the innovation associated with our company.
Finally, we owe a debt of gratitude to our customers and to micro -electronics -the science of
the future. We are proud of our position in this field,
and we hope our contribution has helped further
this new technology and made possible the many
conveniences now available to consumers.

NATIONAL

jsaikt-E,P

c JS &A Group, Inc.,1978


5

MARCH 1978

www.americanradiohistory.com

Jogging
Computer
Make jogging fun in the privacy of
your home with a new space -age
indoor exercise system.

The JS &A Jogging Computer is a total system

of physical fitness and conditioning.


It's a fact. You reach your physical peak at
age 25 and your mental peak at age 40. From
then on it's downhill. But it needn't be. A 50
year old who exercises regularly can be
healthier and in better physical shape than the
average 25 year old.
When you're physically healthy, you are
alert and better able to handle stress. You are
better motivated and just plain happier. Jogging can keep you in good physical shape.
THE ADVANTAGES OF JOGGING
Jogging as a regular exercise has gained in
popularity because it does three things for you.
1) It improves the functioning of the heart,
lungs, blood vessels and lymph glands. 2) It
helps control your weight without resorting to
starvation diets, and 3) It is one of the few safe,
strenuous exercises that creates the exertion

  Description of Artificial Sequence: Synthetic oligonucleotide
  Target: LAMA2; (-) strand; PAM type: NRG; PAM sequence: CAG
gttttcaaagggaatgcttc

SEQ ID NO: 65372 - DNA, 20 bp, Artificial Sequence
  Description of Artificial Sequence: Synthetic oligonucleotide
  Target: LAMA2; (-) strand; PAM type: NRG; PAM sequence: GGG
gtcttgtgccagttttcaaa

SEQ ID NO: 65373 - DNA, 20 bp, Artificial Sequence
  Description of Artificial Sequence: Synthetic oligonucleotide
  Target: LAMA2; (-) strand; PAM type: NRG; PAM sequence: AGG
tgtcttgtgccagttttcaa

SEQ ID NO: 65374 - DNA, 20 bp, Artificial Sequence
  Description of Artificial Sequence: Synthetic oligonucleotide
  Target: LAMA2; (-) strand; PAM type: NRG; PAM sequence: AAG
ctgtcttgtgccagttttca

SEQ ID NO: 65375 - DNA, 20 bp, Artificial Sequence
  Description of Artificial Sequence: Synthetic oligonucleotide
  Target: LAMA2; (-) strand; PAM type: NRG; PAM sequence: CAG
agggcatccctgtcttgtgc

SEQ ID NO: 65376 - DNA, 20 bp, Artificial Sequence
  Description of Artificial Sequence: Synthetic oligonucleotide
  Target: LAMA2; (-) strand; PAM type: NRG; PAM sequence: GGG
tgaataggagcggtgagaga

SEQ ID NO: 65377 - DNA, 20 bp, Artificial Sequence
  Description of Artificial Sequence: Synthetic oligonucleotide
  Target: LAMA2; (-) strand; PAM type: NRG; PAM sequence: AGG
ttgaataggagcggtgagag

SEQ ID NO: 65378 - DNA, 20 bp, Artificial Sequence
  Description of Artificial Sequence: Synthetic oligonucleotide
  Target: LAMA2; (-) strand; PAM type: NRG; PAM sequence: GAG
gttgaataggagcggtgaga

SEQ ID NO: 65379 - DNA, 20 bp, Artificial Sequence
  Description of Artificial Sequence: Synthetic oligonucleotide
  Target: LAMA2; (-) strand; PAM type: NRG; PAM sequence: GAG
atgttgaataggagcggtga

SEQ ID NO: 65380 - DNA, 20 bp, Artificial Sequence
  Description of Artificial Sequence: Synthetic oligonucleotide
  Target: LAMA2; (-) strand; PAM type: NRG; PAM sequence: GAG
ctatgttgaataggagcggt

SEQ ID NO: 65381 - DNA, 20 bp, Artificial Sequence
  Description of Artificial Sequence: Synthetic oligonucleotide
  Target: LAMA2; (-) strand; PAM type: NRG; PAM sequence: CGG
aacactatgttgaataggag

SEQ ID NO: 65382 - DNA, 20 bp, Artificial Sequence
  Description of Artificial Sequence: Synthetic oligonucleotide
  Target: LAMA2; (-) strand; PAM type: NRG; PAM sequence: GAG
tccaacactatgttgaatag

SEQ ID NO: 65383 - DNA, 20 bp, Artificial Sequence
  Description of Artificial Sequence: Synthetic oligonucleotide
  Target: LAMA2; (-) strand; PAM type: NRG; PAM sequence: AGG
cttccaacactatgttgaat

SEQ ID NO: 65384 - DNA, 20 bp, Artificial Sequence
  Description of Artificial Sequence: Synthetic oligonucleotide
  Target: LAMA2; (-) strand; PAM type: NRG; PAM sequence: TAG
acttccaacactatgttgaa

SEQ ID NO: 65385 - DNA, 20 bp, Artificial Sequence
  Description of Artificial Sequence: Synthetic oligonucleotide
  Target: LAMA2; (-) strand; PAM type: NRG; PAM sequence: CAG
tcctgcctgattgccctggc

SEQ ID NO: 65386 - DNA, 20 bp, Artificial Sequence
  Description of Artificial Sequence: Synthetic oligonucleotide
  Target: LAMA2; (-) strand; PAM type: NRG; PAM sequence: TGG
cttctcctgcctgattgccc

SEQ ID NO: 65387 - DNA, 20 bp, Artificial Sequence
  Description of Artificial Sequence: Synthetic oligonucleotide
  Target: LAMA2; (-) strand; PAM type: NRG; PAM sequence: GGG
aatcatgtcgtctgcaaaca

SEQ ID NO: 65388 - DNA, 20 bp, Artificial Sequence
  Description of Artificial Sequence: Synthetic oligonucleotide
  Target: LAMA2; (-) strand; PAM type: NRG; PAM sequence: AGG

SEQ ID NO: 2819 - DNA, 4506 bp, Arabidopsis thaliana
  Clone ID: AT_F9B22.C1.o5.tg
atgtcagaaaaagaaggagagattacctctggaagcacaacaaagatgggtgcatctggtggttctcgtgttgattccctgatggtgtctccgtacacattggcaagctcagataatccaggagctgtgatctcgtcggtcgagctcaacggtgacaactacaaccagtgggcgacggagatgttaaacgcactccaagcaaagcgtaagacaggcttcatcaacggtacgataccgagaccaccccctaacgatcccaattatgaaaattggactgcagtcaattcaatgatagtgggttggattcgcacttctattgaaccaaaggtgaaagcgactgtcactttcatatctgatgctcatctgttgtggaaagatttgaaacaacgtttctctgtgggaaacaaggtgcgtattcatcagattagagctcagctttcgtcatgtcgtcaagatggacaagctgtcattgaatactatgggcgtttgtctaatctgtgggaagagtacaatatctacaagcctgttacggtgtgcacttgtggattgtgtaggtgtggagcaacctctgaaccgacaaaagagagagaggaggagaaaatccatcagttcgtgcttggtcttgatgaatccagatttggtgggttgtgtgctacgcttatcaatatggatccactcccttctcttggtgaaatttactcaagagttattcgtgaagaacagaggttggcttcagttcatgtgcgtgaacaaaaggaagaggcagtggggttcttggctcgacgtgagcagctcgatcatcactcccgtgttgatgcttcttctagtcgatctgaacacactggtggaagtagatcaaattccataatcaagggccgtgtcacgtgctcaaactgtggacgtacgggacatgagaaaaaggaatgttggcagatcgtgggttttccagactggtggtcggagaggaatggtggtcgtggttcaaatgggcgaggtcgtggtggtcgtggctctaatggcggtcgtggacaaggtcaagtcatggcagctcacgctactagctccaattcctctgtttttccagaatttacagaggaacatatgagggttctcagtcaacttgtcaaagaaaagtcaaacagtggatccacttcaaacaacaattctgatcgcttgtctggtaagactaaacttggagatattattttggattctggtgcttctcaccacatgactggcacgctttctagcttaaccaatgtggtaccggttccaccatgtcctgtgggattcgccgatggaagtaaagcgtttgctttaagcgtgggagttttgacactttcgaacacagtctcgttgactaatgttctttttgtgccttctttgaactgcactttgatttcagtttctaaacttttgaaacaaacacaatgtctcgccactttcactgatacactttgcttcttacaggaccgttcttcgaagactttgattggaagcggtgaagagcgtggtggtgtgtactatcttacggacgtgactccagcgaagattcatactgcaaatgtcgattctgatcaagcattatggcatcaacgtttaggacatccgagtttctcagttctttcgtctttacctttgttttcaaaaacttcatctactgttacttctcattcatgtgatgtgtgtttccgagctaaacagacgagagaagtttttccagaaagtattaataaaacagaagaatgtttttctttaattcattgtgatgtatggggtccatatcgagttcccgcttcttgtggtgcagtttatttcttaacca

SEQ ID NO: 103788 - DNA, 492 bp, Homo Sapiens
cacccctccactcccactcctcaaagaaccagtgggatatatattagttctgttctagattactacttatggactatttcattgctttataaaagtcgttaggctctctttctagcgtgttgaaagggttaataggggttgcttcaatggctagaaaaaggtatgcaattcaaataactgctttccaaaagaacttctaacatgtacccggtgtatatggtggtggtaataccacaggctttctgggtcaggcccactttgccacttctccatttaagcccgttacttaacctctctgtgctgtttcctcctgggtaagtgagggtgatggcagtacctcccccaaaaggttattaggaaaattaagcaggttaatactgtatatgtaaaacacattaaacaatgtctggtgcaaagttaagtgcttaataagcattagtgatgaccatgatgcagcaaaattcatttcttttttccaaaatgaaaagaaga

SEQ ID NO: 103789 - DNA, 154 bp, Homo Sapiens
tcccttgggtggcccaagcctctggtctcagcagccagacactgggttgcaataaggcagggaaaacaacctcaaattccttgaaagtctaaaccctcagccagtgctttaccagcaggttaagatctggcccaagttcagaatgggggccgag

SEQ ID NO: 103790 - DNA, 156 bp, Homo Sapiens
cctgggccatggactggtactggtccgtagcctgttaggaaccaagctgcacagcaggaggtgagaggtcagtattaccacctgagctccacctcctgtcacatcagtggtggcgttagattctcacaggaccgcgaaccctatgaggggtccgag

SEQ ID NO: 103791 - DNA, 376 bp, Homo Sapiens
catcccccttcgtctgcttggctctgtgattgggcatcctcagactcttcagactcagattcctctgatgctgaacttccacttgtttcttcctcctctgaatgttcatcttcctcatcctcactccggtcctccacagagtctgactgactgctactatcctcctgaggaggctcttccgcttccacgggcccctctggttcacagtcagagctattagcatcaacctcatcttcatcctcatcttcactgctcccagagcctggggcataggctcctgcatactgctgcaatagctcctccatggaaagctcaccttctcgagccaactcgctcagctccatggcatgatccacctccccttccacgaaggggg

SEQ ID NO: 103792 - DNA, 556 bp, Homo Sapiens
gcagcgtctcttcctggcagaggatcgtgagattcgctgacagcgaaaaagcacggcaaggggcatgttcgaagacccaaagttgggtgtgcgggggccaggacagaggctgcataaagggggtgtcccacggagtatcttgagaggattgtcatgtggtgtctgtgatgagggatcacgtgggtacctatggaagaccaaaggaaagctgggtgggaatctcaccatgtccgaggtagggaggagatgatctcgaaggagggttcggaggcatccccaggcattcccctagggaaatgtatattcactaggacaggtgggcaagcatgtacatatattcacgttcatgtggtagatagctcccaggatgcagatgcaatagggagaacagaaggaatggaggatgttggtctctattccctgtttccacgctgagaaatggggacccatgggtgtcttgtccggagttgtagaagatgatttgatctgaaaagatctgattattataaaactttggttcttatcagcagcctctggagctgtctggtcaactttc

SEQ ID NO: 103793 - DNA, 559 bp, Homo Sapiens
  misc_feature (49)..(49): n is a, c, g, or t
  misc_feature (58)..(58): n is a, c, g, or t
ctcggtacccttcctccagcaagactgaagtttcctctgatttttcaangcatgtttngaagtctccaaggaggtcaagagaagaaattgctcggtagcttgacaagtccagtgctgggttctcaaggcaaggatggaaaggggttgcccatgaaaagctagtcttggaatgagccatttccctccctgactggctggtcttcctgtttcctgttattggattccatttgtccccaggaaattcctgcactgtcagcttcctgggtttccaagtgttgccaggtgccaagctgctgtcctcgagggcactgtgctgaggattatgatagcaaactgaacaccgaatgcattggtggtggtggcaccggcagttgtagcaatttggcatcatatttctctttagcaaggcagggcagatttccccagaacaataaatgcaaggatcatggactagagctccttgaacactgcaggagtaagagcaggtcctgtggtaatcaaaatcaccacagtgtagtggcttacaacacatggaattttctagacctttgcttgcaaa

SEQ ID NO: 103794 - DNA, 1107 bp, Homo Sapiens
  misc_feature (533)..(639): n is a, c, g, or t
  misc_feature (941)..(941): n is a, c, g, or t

recessary for good physical conditioning.
A NEW JOGGING COMPUTER
There is now a new, fun way to jog. The new
JS &A Computer is a solid -state system that
lets you jog in place in the comfort of your own
home. It's fun, easy to use and convenient.
You simply set the distance and pace you
wish to run and press the start button. An
audible beep tone sounds and you jog in place
to its rhythm. Each stride is registered on a
large LED readout in the control unit so you
can see how far you've run.
You jog on a large pad with sensors which
register each stride. The pad is designed to
feel like grass or soft earth so you can run
either barefooted or with gym shoes. The idea
is to gradually increase your distance and
speed each day to build up your endurance.
Getting yourself to start jogging is often the
hardest step. That is why the JS &A Jogging
Computer is an ideal system for both the
beginner and the experienced jogger.
FOR THE BEGINNER
The first time you step on the Jogging Computer, you run at a pre -selected pace and
distance for approximately five minutes. (A
chart will show you which speed to select
based on your sex and age.) You then take
your pulse rate for one minute by touching
your wrist. The pulse /rate chart determines
the settings and distance you should run the
next time you jog.

You could be in poor, average or good


shape, and this simple five minute test will
accurately tell you. Start the jogger at the distance indicated on the chart, and gradually
build up a little each day. In just one week you'll
notice the difference, feel great, have greater
endurance, and you won't tire as easily. That is
what's so nice about the system -how easily
and quickly it puts you into better shape.
FOR THE EXPERIENCED
you jog regularly, you know the many
benefits of jogging. But you also know the disadvantages -all overcome by owning a Jogging Computer. For example:
Forget about the ritual You wake up early,